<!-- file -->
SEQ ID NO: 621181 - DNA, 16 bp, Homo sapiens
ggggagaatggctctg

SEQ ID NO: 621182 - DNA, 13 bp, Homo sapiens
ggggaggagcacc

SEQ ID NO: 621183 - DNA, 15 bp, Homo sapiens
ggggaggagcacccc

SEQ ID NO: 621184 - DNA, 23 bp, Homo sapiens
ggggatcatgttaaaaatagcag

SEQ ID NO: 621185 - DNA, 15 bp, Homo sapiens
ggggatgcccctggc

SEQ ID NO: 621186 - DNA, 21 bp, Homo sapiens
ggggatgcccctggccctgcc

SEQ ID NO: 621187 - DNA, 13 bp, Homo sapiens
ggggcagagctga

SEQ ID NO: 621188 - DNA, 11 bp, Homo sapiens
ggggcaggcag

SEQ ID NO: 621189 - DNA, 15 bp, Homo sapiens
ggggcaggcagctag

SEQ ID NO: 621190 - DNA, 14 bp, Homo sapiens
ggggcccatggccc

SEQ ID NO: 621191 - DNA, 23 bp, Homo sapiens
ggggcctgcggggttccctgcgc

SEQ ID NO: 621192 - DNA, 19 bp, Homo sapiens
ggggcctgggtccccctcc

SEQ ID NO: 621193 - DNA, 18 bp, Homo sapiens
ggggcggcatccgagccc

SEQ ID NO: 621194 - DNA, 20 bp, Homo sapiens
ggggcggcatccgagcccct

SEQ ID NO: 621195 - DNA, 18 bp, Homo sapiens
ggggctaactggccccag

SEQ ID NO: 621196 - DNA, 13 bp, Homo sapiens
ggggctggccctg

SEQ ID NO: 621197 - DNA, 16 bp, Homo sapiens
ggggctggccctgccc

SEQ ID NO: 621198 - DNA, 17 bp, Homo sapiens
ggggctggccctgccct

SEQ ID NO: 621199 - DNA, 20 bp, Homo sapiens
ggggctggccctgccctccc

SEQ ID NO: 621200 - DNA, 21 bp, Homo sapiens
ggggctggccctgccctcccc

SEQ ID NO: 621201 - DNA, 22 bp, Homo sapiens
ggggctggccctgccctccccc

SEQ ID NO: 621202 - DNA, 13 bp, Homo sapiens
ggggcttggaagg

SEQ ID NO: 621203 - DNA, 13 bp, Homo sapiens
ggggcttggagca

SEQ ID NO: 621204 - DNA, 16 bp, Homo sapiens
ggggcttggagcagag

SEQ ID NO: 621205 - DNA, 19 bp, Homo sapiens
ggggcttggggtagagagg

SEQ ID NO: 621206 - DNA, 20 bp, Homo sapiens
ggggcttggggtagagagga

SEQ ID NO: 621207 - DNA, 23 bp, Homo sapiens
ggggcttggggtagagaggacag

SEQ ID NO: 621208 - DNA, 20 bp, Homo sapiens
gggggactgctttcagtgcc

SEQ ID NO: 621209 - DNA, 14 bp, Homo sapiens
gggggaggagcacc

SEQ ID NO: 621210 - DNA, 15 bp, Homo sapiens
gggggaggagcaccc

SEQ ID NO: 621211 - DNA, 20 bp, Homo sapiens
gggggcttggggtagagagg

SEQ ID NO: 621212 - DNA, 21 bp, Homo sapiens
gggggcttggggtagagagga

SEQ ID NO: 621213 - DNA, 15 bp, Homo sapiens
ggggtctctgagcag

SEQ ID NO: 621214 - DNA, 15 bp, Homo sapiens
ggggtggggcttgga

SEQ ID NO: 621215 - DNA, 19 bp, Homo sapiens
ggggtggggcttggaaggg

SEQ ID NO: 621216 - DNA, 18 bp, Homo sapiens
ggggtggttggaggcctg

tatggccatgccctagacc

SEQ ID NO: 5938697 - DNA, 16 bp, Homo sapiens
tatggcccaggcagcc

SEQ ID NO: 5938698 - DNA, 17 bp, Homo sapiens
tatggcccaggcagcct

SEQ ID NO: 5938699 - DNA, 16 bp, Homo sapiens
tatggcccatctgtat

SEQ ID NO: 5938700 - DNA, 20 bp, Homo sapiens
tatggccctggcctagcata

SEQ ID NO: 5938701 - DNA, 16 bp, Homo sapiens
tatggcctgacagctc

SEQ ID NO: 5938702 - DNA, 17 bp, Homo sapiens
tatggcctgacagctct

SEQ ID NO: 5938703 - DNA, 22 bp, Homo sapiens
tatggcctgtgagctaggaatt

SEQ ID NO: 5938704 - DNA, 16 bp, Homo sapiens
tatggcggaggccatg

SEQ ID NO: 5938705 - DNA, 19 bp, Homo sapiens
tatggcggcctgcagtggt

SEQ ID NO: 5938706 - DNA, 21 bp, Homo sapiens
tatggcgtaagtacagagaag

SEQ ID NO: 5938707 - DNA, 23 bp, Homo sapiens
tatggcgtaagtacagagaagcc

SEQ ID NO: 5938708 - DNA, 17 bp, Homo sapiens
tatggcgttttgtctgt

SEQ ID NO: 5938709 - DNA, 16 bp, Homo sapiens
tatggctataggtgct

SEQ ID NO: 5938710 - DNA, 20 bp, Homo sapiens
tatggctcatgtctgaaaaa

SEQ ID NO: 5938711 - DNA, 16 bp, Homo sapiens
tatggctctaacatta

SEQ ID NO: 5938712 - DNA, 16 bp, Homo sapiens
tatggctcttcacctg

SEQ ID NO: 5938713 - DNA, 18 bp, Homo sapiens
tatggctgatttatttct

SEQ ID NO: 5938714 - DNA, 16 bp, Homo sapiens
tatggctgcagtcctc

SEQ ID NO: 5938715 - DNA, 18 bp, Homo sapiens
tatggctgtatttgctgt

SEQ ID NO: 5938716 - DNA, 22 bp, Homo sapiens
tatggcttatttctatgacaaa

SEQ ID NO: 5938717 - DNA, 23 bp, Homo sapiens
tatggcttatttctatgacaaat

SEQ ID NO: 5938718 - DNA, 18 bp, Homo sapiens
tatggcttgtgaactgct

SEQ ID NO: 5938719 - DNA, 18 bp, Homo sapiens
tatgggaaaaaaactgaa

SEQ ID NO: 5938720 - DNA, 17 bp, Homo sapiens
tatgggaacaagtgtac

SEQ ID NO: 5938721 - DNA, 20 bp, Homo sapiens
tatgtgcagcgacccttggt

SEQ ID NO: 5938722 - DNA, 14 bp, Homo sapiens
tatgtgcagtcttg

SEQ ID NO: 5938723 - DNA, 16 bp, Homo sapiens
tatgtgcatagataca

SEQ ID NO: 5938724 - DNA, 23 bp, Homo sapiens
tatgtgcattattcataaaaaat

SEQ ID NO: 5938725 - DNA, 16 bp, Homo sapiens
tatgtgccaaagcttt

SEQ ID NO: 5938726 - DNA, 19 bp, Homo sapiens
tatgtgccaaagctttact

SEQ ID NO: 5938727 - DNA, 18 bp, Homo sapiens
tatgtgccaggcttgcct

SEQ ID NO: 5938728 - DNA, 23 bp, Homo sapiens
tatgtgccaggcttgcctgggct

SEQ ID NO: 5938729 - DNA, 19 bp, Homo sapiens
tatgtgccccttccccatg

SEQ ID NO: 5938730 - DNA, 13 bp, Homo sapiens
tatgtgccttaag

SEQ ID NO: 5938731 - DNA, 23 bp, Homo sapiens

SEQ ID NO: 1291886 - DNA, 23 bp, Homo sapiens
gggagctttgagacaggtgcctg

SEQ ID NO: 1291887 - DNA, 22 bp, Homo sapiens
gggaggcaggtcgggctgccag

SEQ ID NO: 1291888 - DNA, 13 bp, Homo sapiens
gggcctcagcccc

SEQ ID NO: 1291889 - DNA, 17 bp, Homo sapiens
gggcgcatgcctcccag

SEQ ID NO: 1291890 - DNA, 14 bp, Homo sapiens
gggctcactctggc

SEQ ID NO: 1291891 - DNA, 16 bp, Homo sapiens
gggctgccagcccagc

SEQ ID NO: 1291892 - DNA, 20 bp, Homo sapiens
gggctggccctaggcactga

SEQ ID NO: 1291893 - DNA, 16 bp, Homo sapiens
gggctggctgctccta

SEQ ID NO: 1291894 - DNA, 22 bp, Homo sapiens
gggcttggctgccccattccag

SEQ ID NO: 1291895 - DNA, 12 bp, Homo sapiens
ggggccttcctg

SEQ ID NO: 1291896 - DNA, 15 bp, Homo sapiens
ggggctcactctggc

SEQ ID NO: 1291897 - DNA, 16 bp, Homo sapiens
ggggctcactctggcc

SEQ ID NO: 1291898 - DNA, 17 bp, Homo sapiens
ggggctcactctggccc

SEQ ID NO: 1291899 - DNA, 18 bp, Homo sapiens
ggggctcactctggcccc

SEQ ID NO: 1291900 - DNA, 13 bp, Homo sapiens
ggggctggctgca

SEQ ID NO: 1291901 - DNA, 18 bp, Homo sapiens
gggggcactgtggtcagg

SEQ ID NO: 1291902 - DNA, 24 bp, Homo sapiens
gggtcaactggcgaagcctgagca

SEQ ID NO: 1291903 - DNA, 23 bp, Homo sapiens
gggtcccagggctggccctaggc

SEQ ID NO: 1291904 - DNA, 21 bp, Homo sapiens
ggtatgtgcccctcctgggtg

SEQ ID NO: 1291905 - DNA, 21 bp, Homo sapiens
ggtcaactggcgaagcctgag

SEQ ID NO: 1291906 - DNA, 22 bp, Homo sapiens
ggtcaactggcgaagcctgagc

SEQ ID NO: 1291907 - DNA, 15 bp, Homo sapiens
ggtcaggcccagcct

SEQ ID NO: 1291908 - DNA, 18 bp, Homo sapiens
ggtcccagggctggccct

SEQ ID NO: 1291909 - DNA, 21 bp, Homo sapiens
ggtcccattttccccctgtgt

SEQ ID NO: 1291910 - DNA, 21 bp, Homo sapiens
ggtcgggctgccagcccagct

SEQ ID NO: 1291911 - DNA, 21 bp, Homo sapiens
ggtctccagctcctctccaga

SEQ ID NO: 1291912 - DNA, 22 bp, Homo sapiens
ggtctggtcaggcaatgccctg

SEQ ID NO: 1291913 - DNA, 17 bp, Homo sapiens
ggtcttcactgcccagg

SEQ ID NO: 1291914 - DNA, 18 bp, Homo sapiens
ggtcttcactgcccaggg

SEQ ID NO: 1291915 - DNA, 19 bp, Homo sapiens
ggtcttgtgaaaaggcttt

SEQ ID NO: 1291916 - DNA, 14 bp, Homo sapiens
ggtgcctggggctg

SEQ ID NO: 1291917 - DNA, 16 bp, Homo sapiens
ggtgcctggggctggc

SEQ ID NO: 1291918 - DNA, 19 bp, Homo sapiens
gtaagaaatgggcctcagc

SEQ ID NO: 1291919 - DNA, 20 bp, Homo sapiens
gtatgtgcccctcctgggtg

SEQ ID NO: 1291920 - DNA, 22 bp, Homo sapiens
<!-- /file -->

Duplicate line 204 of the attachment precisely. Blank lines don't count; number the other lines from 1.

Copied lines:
ggtgcctggggctg